Cars and colors cruise along Colby

EVERETT — Downtown Everett on Monday was a canvas of cherry red, candy-apple blue and leopard print, the streets lined with classic cars and their admirers.

“I’m addicted to cars,” said Gary Scripture, of Seattle, who brought his wife, Laura, to the annual Cruzin’ to Colby car show.

The newlyweds were checking out an array of Volkswagen vans. The Red Hot Chili Peppers blasted from nearby speakers.

Nicholas Dykstra, a second-grader at Lowell Elementary, walked down Hewitt Avenue with his mom, Della. One of their family friends had a car on display, she said.

“I get to see different kinds of cars, and I get to eat this,” Nicholas said, holding up his blue and red snow cone.

The Street Freak Kruzrs club’s Steve Mallory showed his shiny, seashell-blue 1970 Chevrolet C20.

“We call it pretty,” he said. “Some girls call it sexy.”

Karmen Wood-Skinner enjoyed a bit of shade next to her uncle’s 1966 Ford F100 named “Old Blue.”

Wood-Skinner’s business, Rosewood Photography, often is a vendor at the event, offering retro pinup-style photo shoots, she said.

For Cruzin’ to Colby, she donned red heels, a faux fur stole and a 1940s “victory roll” hairstyle.

Wood-Skinner had planned to bring her own 1965 Ford, but, “It’s not being so nice today,” she said.

Elsewhere, attendees munched on hot dogs, sloppy joes and caramel corn. They bought raffle tickets for prizes such as fuzzy dice, car wax and pasta makers.

A live band played oldies hits, like “Love Potion No. 9.”

This weekend marked Steve Hudson’s 15th year in a row at Cruzin’ to Colby, he said.

Hudson, 67, of Renton, is the original owner of his ivory 1968 Pontiac GTO with a green-gold interior. He likes the wide, flat sidewalks downtown, and the cafes and antique stores, he said. He knows he can count on a pleasant day.

“The setting is right. The city is clean,” he said.

Cruzin to Colby also is a tradition for Ken Thomas, of Lake Stevens, who was happy to see the sunshine. He brought his manta green 1957 Chevy.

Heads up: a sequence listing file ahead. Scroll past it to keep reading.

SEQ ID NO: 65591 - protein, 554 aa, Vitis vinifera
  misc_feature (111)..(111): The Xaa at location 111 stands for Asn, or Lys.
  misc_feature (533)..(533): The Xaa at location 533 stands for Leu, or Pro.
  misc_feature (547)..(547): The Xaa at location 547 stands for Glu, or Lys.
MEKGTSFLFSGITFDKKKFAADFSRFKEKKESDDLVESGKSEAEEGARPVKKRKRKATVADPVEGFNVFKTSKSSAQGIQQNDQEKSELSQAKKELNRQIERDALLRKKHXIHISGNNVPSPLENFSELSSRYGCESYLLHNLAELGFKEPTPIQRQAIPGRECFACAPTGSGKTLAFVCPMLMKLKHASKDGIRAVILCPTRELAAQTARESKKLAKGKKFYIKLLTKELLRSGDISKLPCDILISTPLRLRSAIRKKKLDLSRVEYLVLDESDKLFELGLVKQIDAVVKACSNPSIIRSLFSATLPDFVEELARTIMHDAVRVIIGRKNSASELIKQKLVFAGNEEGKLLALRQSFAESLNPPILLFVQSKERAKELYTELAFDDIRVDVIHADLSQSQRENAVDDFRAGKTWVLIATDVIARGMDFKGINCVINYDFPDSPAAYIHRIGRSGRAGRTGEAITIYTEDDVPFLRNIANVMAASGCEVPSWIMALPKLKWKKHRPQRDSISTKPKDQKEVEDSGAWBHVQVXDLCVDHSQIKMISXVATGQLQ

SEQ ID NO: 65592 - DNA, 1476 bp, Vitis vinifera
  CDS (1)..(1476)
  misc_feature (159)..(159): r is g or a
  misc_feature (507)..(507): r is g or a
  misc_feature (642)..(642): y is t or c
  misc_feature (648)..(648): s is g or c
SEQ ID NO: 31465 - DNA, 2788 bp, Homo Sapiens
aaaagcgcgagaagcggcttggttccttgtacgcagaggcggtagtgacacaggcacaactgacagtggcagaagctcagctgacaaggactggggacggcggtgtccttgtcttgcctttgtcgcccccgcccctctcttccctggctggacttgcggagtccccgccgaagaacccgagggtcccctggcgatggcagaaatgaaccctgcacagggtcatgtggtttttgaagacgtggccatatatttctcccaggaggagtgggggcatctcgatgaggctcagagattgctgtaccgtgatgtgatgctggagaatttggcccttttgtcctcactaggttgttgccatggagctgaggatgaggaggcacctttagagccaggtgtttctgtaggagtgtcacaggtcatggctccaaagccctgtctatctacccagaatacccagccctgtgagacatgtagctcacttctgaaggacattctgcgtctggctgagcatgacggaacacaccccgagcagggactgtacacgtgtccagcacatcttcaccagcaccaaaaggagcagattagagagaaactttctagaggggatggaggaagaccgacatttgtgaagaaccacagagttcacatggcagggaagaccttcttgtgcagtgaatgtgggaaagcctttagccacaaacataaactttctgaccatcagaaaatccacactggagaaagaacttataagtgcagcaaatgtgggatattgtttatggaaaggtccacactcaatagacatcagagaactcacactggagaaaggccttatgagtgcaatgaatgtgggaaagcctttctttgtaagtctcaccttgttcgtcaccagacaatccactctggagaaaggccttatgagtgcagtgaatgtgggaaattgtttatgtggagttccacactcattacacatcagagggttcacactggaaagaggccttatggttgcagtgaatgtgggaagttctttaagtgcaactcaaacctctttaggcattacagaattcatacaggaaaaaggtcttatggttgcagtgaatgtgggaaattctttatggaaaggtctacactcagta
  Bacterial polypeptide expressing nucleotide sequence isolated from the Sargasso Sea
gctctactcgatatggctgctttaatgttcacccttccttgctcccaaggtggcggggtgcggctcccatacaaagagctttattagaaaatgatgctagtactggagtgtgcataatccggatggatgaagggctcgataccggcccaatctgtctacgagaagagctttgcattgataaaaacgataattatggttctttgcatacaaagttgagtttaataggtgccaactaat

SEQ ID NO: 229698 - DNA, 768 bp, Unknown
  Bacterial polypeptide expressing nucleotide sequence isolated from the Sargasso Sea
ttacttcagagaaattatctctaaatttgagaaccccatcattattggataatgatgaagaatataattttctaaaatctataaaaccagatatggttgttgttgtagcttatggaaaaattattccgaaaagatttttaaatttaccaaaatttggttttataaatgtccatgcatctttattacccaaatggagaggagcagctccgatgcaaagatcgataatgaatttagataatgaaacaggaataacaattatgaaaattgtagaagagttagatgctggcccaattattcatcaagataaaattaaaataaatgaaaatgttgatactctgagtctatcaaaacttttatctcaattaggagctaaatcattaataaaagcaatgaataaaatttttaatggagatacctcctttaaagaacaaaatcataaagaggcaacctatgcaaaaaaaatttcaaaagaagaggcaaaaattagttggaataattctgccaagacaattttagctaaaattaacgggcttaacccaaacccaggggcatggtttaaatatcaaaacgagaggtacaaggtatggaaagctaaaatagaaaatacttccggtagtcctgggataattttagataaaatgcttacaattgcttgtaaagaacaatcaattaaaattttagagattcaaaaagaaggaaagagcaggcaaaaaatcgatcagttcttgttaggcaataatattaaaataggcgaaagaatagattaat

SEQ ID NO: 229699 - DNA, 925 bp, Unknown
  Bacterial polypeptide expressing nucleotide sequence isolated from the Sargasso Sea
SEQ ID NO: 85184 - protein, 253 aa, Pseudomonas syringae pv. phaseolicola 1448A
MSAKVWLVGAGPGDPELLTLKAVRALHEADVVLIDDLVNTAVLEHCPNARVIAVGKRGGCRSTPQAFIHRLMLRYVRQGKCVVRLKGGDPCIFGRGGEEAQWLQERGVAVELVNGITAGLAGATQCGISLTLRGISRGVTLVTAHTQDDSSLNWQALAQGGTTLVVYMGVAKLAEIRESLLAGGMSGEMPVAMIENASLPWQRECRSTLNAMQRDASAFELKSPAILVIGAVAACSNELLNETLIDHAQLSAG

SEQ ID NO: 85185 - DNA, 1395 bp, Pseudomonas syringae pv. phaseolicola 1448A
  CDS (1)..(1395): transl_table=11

“It’s in my blood, hot rods,” he said.

Rikki King: 425-339-3449; rking@heraldnet.com.

More in Local News

At long last, a church of his own

After years of filling in elsewhere, Hallack Greider is the new pastor at Maplewood Presbyterian.

Judge: Lawmakers’ emails, texts subject to public disclosure

News organizations had sued to challenge the Legislature’s claim that members were exempt.

Outgoing councilwoman honored by Marysville Fire District

The Marysville Fire District in December honored outgoing City Councilwoman Donna Wright… Continue reading

Everett district relents on eminent domain moving expenses

Homeowners near Bothell still must be out by April to make way for a planned new high school.

Their grown children died, but state law won’t let them sue

Families are seeking a change in the state’s limiting wrongful-death law.

Officials rule train-pedestrian death an accident

The 37-year-old man was trying to move off the tracks when the train hit him, police say.

Number of flu-related deaths in county continues to grow

Statewide, 86 people have died from the flu, most of whom were 65 or older.

Ex-Monroe cop re-arrested after losing sex crime case appeal

He was sentenced to 14 months in prison but was free while trying to get his conviction overturned.

Marysville hit-and-run leaves man with broken bones

The state patrol has asked for help solving an increasing number of hit-and-run cases in the state.

Most Read